The female athlete triad is a syndrome involving 3 inter-related things:
1. Low energy availability with or without disordered eating;
2. Amenorrhea (few or no regular menstrual cycles);
3. Osteoporosis / osteopenia (low bone density).
Is it common? In young athletic women – YES!
Is it important? ABSOLUTELY!
WHY? Because low bone density causes a stack of injuries like stress fractures (see our posts HERE and HERE for more information), and low energy availability causes a cascade of other negative effects including poor sport performance – basically there isn’t enough fuel being consumed to power all of the different systems in the body properly. Let’s dive into some more details.
Around 25% of young women engaged in sports have one or more of the 3 components of the triad (Skorseth et al 2020). Adolescence is a key time for bone acquisition, where the body is building a lot of bone to see you through life. We reach peak bone mass in our 20’s, and thereafter bone density tends to decline (Lu et al 2016). Anything that impairs the formation of the skeleton in this age group is particularly problematic, as it can lead to reduced peak bone mass which is a predictor of osteoporosis and fracture risk.
So how do these 3 components relate? Essentially if you have too little energy intake (whether by accident or due to disordered eating) this causes a range of effects throughout the body, one of which is shutting down the reproductive system. It’s a bit like the body is saying “hey – you’re barely keeping me alive, no chance for 2 of us here” and the female reproductive system is shut down. The first sign of a problem might be an infrequent or absent menstrual period. This is associated with a drop in hormones like oestrogen and progesterone, which are essential for bone health in women. Over time this leads to lower bone density. Often the first time an athlete learns there is a bigger problem is when she presents with a bone stress injury like a stress fracture (see our post HERE for more information).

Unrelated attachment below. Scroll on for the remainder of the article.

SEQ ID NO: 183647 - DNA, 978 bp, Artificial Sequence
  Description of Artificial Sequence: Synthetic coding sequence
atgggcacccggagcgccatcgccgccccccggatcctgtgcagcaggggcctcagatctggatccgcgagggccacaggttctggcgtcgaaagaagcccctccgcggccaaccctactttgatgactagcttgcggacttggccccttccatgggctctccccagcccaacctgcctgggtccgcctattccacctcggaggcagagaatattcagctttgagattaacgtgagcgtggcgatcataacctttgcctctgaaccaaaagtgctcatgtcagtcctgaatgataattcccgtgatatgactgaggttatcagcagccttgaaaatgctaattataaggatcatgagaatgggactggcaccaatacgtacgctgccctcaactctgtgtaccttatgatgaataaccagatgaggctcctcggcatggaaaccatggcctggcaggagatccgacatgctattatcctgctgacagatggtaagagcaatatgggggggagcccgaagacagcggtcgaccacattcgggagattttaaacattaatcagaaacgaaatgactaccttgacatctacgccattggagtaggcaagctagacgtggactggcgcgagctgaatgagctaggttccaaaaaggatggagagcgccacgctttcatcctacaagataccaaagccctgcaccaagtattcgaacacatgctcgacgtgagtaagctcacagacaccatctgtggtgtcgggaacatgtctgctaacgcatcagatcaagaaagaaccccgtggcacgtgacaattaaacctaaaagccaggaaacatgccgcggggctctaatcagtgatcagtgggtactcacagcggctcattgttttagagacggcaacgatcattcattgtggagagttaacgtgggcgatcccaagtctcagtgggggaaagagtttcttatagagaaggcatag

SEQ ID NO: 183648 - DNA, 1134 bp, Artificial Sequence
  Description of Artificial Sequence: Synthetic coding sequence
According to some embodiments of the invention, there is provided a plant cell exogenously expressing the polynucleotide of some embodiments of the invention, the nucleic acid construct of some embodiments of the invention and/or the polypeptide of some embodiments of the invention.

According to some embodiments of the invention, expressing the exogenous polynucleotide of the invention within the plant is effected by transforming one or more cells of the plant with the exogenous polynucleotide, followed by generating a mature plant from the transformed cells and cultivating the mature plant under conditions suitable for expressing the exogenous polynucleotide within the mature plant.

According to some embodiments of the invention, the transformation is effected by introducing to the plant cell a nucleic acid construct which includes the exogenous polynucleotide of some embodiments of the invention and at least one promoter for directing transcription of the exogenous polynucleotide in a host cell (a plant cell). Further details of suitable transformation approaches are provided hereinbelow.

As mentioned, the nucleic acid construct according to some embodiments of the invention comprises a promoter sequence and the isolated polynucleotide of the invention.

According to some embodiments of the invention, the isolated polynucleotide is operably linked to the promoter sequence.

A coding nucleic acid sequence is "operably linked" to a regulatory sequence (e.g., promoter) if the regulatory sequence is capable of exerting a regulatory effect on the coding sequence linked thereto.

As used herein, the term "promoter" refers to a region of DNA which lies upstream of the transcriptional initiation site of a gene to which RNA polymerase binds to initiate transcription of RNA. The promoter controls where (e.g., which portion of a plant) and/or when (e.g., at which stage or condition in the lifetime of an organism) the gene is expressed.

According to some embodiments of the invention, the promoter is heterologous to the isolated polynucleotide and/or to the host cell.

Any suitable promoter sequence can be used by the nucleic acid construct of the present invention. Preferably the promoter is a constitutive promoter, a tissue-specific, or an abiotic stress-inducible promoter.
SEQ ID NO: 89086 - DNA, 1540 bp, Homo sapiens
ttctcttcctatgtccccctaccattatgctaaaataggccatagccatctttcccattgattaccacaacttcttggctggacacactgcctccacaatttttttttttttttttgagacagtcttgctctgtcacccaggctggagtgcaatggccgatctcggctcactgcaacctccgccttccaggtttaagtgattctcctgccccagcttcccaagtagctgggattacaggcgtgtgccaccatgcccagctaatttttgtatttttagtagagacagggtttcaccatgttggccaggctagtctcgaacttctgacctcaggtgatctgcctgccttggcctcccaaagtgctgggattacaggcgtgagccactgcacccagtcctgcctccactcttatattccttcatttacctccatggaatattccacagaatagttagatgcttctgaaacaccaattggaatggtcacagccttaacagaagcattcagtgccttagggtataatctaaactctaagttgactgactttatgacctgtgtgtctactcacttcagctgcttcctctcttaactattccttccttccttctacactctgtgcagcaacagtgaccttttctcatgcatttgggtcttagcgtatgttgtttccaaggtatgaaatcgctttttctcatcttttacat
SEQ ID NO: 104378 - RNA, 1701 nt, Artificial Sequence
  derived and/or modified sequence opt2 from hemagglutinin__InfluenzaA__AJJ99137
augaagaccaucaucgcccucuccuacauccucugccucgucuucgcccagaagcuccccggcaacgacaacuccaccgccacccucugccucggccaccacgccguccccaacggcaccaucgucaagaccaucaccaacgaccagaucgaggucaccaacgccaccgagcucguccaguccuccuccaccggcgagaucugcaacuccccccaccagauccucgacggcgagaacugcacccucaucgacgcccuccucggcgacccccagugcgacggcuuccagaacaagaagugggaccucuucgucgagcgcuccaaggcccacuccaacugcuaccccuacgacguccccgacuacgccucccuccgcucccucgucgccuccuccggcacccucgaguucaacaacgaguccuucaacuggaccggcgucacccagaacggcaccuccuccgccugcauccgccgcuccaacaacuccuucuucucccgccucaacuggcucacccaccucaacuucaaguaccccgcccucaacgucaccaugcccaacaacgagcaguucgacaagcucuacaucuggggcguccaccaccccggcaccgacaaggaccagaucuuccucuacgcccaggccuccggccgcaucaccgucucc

It was not until the 1990’s that this syndrome was recognised, and more recently the International Olympic Committee has updated and expanded the condition to encompass all of the effects of “Relative Energy Deficiency in Sport”, along the way creating yet another acronym for us: “RED-S” (Mountjoy et al 2018). A lack of nutrition and energy results in widespread effects, not just on bone density and hormone levels in women, but can also affect men where testosterone levels can fall. Other hormonal effects are akin to overtraining syndromes where growth hormone levels fall potentially affecting long term growth and development; metabolic changes like a lower metabolic rate (which causes lower energy levels and a tendency to gain weight) along with abnormalities in metabolic hormones; poor immune function (causing recurrent illnesses) and psychological problems (which may be the cause of poor eating or a consequence of all of the above symptoms).
Sports which emphasise leanness, demand high energy expenditure like endurance sports, or have an aesthetic component (gymnasts, figure skaters) appear to be the most prone to the syndrome. Ironically the lack of energy, which for some athletes represents a deliberate attempt to remain lean, causes a whole cascade of problems that impair sports performance rather than assist it, so it is important to establish if the lack of energy intake is:
Intentional weight loss without disordered eating
A clinical eating disorder
This may require a multi-disciplinary approach with a Sports Nutritionist and Sports Psychologist. A Physiotherapist is often the first professional to identify the underlying issue when the athlete presents with an injury in which the underlying cause involves lowered bone density. It is also widely recommended that athletes monitor themselves with respect to energy and fatigue levels, menstrual regularity and any impairment or stagnation in performance. If you are noticing things aren’t quite right, speaking to your coach and seeking professional help early are good starting points. Education about how crucial a proper fuel supply is for an athlete is always part of the treatment, and overcoming some misconceptions about what this looks like is often required.
I’ll leave you with one parting thought: the female athlete triad is a situation where early identification of a potential problem and rectifying it is far better and far faster than waiting to break down and try and effect a cure afterwards.
Lu J et al (2016): Peak bone mass and patterns of change in total bone mineral density and bone mineral contents from childhood into young adulthood. J Clin Densitom 19:180.
Mountjoy M et al (2018): IOC consensus statement on relative energy deficiency in sport (RED-S): 2018 update. Br J Sports Med 52:687.
Skorseth P et al (2020): Prevalence of Female Athlete Triad Risk Factors and Iron Supplementation Among High School Distance Runners. Am J Sports Med 8:1.